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Wednesday, 5 September 2012

Frightfest the 13th - Part Two

Only because I said I would, I am now committed to finishing my recollections of FrightFest, even if one or two of the movies have now slipped into the 'I wonder what that was all about' category. Anyhow let me deal with the remaining four British films first.

The organisers, quite rightly I suspect, feel they must give some prominence to British entries in their horror-cum-fantasy selection.  If the truth be known, we often avoid watching these if there is an alternate possibility in the Discovery sidebar theatre.  I'd be hard-pressed to explain this prejudice.  It's partly because they often seem less original than other countries' output and partly because I know, realistically, that many of them will soon receive a cinema or TV release here and that it will therefore be easy to catch up with them. In fact two of the remaining four have already been released this week.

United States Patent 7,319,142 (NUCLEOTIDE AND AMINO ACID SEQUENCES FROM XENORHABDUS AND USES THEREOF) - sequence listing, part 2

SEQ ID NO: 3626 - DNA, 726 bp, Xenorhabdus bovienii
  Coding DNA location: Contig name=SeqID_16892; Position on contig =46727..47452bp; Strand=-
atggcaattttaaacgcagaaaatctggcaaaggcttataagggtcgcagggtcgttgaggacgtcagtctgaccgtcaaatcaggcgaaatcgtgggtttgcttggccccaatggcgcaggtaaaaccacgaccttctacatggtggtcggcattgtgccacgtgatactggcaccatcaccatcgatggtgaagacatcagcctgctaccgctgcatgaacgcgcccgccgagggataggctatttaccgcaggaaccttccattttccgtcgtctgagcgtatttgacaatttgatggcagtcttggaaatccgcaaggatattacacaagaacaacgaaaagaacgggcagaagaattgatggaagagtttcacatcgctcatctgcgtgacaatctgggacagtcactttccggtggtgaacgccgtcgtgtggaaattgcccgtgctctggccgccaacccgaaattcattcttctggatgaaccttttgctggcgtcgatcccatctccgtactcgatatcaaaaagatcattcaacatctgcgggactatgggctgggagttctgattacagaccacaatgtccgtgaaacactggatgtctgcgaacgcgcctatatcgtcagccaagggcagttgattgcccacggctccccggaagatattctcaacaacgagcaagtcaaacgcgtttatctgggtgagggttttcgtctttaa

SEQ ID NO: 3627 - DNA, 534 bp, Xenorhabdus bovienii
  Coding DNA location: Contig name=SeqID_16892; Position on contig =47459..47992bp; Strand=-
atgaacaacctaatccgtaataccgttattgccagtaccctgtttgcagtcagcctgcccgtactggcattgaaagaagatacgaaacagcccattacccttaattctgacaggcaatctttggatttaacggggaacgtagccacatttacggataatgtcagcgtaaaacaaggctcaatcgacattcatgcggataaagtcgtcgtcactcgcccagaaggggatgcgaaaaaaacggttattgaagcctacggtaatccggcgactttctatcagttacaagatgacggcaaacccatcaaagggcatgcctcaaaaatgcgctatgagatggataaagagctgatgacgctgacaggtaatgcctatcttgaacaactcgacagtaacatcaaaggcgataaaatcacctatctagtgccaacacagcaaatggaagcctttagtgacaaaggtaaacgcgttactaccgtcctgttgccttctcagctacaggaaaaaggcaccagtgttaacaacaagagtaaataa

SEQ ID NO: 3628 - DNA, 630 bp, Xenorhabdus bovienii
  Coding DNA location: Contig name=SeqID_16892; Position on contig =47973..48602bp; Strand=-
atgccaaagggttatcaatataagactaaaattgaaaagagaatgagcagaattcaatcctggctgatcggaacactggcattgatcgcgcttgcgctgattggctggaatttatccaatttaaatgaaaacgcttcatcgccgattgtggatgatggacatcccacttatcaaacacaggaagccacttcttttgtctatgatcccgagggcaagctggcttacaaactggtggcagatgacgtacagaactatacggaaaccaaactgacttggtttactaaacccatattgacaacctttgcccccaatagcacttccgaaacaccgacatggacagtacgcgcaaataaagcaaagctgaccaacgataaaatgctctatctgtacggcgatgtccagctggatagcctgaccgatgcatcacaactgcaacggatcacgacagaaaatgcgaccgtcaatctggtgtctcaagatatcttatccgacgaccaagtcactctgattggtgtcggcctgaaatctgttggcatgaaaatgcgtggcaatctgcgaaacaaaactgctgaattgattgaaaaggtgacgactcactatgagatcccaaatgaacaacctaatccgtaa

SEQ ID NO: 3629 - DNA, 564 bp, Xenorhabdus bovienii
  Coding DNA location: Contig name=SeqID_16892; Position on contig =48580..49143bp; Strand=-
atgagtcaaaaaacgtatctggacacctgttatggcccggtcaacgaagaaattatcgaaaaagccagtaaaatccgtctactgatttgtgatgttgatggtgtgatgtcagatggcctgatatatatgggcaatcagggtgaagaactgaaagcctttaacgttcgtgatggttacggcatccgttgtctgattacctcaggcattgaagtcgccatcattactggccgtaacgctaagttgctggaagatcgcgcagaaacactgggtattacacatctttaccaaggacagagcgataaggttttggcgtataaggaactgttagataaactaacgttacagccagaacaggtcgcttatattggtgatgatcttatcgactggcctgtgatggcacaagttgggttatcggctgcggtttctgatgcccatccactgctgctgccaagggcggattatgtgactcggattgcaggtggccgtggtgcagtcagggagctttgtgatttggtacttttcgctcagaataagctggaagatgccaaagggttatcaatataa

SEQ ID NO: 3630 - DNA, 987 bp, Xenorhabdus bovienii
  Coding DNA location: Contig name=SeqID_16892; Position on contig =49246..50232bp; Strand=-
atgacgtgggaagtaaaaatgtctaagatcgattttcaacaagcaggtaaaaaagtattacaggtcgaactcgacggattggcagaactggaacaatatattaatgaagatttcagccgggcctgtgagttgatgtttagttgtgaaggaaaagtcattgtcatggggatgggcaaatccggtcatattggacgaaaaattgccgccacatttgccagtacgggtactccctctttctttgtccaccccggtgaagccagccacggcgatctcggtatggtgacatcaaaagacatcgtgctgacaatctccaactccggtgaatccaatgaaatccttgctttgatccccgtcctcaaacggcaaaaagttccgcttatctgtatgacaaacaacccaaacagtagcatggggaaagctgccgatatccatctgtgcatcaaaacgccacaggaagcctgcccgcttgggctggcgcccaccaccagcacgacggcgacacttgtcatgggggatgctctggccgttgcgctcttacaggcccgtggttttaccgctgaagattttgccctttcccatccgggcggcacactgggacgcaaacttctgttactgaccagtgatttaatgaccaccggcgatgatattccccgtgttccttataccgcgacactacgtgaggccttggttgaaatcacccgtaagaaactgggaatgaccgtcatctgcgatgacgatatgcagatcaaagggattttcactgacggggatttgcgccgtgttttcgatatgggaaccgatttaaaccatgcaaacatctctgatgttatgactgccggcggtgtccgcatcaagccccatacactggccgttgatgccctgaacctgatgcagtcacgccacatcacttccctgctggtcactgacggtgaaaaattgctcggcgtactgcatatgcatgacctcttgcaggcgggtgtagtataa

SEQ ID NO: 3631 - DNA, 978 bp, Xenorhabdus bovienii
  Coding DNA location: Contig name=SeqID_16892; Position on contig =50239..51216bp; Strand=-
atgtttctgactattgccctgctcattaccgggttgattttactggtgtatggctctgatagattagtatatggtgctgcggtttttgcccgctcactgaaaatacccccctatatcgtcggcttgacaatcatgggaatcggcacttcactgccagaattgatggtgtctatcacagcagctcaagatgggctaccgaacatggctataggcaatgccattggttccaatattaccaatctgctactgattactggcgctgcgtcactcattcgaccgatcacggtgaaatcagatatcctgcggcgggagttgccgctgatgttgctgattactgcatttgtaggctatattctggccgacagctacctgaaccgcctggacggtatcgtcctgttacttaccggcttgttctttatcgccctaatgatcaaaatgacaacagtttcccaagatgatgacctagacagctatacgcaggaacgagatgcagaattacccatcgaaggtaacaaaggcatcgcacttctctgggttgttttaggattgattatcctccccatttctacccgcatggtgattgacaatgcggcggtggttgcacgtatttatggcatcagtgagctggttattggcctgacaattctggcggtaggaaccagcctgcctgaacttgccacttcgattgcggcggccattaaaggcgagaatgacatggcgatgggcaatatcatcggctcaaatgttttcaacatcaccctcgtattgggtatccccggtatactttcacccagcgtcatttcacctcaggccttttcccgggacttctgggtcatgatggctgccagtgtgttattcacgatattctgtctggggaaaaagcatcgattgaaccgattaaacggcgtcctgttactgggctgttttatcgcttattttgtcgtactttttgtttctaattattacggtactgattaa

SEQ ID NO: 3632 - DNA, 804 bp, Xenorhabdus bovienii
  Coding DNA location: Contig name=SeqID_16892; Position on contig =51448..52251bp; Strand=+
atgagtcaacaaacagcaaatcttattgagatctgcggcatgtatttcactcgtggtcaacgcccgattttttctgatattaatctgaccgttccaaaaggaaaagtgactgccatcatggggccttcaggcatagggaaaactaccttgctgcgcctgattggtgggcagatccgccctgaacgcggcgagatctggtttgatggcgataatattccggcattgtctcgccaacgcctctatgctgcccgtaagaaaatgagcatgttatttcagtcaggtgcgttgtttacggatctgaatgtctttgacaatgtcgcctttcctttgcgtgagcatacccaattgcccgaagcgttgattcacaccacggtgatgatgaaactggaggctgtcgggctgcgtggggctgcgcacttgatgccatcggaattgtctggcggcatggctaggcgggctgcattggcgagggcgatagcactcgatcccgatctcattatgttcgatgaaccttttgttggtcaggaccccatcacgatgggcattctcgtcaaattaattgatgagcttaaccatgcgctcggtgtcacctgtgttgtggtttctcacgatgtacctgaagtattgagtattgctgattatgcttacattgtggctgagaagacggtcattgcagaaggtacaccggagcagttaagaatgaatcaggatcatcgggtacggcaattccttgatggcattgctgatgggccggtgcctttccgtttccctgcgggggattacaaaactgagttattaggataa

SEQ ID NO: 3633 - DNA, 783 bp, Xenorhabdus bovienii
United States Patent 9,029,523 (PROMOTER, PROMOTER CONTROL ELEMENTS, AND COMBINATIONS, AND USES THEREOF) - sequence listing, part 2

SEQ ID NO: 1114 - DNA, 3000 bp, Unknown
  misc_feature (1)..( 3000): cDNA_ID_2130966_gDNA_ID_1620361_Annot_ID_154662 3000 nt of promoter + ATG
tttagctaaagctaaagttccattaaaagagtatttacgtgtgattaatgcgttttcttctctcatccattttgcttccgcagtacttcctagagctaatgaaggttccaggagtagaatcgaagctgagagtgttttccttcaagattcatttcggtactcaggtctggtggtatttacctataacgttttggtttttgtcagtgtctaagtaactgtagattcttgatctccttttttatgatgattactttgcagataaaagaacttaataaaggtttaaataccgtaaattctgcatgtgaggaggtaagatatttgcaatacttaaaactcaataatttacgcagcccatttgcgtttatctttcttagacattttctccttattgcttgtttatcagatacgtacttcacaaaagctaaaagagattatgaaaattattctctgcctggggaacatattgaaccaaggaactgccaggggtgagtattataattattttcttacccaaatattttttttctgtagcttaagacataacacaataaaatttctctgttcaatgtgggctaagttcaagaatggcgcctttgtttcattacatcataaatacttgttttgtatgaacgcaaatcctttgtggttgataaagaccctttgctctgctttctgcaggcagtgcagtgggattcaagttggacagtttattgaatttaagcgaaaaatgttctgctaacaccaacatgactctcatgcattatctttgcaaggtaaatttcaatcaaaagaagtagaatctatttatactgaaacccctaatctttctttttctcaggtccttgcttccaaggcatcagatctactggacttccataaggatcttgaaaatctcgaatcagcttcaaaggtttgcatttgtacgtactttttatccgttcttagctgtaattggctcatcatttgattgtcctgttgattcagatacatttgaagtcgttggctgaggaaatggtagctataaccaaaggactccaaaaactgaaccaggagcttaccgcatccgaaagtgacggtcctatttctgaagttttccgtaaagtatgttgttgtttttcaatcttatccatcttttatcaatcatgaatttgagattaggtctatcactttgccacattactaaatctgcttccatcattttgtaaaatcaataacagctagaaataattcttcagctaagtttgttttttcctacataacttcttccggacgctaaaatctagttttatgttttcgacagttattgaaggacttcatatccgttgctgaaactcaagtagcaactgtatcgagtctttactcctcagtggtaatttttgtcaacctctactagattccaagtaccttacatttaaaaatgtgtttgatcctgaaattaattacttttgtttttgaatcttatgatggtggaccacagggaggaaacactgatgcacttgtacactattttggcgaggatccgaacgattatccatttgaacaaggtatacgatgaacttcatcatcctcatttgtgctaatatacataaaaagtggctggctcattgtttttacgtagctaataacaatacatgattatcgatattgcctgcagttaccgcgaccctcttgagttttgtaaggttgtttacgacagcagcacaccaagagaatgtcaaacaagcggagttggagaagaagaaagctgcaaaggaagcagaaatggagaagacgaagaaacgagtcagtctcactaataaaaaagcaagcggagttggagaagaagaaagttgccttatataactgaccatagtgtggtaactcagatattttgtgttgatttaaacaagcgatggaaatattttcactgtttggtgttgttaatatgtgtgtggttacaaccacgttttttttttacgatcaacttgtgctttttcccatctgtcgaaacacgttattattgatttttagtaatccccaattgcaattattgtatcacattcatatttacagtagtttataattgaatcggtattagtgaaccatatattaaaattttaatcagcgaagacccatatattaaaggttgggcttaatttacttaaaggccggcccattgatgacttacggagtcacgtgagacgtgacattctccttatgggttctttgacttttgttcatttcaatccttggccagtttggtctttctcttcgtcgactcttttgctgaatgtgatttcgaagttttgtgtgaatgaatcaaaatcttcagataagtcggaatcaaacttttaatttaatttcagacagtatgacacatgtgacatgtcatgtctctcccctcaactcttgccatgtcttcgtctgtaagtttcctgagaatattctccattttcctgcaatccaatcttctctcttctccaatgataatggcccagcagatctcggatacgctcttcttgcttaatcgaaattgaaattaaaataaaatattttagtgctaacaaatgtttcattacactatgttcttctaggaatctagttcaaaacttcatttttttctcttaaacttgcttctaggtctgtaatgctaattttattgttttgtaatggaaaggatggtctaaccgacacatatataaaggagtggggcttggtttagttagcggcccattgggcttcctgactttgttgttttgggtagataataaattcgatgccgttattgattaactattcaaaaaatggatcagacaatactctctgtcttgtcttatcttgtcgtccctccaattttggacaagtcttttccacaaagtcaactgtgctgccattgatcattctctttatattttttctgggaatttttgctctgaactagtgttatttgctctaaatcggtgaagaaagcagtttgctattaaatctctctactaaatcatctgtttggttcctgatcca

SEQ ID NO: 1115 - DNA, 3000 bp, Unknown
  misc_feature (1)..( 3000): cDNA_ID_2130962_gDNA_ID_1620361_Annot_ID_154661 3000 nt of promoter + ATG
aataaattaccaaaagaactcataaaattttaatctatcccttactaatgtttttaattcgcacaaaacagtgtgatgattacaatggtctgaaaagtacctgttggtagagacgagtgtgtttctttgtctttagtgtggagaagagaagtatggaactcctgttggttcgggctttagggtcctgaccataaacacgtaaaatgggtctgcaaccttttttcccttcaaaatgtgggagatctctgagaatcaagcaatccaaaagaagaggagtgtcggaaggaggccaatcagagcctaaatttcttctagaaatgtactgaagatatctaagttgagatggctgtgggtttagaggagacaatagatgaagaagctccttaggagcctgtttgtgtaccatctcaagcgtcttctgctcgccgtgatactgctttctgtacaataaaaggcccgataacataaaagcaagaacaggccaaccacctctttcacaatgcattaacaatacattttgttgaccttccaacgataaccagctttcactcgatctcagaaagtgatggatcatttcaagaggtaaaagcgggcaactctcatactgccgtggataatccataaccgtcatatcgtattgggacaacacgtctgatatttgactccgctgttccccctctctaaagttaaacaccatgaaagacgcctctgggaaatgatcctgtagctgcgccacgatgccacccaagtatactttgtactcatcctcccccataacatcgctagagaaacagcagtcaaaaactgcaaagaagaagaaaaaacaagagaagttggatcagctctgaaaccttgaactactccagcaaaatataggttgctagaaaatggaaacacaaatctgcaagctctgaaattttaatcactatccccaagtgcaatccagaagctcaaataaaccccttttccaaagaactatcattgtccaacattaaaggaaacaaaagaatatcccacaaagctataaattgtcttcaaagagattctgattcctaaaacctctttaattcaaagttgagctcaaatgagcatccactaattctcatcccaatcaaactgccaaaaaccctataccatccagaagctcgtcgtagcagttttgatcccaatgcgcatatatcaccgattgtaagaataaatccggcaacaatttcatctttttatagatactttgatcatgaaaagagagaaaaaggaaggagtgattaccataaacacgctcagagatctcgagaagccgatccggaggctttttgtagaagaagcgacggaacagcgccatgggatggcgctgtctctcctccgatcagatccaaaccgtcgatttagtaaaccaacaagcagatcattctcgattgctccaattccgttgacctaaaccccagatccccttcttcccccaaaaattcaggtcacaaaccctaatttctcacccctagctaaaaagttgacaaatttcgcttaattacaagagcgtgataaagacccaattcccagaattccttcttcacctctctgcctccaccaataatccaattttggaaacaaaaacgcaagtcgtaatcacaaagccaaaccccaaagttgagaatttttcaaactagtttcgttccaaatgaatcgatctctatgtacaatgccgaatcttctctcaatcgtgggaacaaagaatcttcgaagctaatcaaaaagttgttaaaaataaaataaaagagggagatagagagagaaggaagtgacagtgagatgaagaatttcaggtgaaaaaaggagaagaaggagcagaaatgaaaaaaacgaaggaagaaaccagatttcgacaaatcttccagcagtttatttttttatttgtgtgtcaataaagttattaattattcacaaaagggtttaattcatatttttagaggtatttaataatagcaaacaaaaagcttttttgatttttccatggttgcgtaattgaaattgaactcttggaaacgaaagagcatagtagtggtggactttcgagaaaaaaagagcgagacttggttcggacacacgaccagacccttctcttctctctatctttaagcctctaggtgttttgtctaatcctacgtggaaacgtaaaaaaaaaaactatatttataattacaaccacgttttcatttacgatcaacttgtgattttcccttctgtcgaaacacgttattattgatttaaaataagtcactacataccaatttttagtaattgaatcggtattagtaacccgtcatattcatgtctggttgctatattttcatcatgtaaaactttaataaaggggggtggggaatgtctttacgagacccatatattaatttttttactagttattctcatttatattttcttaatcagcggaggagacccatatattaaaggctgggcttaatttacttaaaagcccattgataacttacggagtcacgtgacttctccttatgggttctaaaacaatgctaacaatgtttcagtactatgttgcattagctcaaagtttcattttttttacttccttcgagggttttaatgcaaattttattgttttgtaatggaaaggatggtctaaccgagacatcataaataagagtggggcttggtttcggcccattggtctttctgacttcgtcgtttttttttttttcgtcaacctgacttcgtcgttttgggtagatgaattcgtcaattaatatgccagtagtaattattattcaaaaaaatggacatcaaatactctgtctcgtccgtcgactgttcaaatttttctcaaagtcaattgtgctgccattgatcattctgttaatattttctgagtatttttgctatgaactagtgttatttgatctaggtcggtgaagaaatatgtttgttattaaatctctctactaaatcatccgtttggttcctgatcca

The opening film "The Seasoning House" falls more into the category of a horrible storyline rather than straightforward horror. The directorial debut of make-up and splatter guru Paul Hyett, the tale is set in a Balkan brothel during war-torn days. It is populated by kidnapped girls kept in a drug-induced stupor and forced to endure continued sexual violence from both soldiers and civilians.  Our little heroine is a mute orphan who has seen her family slain and who is treated as something of a pet by the cruel head pimp.  In a breakthrough role, young actress Rosie Day scuttles in the crawlspaces of the house, tending to the girls, watching, learning, and planning her escape -- but not before meting out her own form of justice to the nasty group of soldiers, led by Sean Pertwee, who massacred her family.  Harrowing and rather unpleasant stuff, with a unhappy sting in the tail.  The closing film "Tower Block" was also some distance from a horror film pure and simple.  It concerns the residents of the top floor of a soon to be demolished government block of flats, waiting their turn to be rehoused, being picked off one by one by an unseen sniper.  Our feisty heroine is the ubiquitous Sheridan Smith, who seems to be flavour-of-the-month here, as she leads their diminishing number down to the ground floor and safety. The role enables her to flex her would-be action muscles, but the whole scenario and its ultimate explanation verged on the unbelievable.